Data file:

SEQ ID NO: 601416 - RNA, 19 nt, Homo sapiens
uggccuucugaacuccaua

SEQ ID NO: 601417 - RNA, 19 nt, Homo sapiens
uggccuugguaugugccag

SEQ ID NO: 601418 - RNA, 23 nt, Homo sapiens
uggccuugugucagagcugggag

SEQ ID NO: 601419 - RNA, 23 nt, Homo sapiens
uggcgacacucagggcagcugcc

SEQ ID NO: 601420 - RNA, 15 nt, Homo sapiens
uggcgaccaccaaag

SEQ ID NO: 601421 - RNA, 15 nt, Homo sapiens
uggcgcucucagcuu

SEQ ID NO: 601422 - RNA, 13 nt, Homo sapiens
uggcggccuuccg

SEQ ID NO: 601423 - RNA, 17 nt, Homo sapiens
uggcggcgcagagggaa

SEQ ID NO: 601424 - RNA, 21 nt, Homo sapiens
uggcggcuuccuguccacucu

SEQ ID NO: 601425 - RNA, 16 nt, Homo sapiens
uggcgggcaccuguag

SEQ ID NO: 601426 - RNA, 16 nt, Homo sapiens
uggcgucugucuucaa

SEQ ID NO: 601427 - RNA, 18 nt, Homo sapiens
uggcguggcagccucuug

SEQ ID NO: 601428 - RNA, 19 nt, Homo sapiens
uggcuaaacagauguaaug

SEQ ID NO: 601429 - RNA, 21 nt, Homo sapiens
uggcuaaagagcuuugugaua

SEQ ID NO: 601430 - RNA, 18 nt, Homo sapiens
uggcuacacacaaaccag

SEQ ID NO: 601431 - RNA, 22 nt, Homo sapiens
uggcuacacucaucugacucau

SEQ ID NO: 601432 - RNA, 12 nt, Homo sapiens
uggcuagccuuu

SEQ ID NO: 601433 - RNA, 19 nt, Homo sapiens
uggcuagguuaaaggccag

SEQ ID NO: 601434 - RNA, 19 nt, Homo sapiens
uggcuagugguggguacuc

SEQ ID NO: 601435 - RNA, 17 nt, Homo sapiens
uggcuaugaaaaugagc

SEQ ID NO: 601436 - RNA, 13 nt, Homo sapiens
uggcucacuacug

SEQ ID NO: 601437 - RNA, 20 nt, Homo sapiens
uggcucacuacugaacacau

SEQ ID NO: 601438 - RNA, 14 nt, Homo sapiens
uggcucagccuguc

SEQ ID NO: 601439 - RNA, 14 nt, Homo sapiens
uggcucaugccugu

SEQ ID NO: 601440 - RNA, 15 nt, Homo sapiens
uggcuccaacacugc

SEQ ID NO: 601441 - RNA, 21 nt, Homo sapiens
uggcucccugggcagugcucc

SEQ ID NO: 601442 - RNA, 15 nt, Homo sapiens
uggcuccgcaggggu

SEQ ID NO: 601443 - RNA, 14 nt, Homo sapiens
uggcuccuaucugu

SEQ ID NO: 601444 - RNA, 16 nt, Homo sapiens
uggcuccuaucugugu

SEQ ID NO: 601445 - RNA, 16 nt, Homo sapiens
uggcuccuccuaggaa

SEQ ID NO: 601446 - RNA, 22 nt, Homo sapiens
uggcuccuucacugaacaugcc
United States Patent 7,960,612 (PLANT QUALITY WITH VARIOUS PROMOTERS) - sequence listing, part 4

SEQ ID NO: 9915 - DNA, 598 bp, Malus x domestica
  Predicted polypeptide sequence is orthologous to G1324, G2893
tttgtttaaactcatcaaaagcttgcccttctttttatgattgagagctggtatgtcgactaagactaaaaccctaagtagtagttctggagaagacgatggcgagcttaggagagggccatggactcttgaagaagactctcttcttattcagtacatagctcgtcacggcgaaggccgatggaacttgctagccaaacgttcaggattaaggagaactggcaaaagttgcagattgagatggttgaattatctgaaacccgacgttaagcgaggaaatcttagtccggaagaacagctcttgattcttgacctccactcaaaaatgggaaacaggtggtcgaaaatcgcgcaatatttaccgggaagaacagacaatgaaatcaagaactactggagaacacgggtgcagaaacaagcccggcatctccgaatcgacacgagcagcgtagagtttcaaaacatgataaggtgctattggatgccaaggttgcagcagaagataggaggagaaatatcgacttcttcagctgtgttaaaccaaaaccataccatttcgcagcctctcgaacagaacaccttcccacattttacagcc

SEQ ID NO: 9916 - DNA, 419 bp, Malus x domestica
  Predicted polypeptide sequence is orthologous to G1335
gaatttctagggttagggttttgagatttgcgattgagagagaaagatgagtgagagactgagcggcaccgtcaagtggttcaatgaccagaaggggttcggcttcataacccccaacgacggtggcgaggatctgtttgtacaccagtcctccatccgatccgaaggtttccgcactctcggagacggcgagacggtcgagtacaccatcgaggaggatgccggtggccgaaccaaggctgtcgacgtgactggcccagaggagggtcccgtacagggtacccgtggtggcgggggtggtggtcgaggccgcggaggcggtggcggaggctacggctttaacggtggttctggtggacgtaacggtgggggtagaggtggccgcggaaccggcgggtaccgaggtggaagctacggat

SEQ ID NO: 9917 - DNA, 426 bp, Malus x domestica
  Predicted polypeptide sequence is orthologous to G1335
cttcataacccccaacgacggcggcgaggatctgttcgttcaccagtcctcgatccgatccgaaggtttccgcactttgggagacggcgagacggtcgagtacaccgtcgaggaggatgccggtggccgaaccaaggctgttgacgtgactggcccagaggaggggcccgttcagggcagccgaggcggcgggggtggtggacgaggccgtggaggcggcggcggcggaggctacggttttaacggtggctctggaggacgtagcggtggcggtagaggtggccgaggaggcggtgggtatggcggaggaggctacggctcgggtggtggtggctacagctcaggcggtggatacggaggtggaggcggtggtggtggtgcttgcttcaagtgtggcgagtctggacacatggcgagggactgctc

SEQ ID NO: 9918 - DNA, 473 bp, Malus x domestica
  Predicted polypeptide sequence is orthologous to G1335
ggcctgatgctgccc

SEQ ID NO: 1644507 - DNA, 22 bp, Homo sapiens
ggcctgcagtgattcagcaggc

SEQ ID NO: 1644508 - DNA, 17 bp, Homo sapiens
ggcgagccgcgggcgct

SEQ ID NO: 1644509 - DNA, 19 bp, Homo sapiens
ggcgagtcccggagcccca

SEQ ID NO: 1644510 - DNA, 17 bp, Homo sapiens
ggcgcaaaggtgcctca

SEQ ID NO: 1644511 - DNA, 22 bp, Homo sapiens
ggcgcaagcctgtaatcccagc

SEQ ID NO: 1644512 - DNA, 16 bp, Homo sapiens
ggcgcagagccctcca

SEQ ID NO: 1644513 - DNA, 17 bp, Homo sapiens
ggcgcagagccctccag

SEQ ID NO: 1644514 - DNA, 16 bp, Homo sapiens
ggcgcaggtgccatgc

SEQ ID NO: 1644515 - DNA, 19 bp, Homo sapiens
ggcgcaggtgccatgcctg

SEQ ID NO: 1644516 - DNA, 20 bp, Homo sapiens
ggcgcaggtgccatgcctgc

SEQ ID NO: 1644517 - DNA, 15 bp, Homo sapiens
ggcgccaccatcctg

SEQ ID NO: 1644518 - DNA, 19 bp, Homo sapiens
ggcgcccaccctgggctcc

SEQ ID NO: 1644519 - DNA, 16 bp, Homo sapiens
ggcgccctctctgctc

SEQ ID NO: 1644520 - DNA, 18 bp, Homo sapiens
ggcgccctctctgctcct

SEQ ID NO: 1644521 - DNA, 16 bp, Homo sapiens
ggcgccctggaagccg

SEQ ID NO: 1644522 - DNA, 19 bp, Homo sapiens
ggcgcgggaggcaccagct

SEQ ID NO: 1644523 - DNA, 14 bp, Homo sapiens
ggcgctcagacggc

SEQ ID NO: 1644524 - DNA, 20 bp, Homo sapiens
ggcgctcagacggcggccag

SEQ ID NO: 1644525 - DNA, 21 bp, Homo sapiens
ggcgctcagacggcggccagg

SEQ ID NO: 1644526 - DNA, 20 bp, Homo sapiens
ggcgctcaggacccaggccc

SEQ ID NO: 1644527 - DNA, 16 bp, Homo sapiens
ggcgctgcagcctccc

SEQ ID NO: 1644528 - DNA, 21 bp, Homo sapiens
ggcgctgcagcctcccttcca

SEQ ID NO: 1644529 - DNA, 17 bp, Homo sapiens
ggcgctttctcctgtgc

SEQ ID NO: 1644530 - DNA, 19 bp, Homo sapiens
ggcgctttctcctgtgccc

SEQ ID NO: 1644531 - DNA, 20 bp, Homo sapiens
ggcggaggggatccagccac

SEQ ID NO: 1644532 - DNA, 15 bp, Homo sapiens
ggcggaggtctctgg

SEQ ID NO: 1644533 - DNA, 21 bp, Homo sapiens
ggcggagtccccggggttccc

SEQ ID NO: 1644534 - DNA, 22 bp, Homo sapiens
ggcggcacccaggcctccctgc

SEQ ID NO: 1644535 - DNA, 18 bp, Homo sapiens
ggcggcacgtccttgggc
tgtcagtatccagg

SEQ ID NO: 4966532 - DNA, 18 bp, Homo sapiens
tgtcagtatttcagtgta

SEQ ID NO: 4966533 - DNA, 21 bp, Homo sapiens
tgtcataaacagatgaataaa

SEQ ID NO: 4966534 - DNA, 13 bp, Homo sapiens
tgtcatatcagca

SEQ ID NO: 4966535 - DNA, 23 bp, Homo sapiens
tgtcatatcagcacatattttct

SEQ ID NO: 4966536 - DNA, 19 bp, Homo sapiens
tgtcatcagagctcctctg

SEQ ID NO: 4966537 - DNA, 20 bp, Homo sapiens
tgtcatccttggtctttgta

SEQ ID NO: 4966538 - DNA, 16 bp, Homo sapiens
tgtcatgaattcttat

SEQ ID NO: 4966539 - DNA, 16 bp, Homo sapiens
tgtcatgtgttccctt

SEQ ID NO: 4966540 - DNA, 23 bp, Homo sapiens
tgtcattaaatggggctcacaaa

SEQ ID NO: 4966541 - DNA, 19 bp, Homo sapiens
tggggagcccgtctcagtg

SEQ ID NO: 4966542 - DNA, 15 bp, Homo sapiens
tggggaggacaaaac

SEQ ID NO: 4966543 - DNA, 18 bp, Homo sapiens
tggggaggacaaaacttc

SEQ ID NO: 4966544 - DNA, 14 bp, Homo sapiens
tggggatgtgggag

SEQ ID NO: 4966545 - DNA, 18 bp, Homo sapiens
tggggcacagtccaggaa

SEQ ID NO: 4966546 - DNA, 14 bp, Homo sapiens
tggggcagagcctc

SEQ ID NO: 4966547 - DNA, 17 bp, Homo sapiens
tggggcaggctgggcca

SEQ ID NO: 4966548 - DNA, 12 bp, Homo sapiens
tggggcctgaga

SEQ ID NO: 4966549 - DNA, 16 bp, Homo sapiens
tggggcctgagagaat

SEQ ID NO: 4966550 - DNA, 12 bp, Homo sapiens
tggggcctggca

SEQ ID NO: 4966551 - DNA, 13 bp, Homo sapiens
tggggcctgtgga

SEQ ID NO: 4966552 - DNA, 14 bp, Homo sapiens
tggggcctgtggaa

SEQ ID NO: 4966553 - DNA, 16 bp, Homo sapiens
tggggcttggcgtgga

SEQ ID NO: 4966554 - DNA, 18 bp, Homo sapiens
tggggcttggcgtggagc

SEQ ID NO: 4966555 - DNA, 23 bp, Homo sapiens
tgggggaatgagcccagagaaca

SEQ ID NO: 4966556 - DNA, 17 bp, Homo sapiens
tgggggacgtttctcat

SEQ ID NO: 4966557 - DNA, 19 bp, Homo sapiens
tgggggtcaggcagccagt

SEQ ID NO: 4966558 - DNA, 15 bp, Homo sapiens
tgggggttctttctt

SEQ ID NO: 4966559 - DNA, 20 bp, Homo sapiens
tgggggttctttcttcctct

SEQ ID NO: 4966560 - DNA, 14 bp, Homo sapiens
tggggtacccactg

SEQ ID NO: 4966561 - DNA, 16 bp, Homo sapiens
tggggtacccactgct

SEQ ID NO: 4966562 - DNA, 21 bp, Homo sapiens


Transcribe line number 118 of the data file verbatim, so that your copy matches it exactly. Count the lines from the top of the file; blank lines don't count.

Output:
SEQ ID NO: 1644528 - DNA, 21 bp, Homo sapiens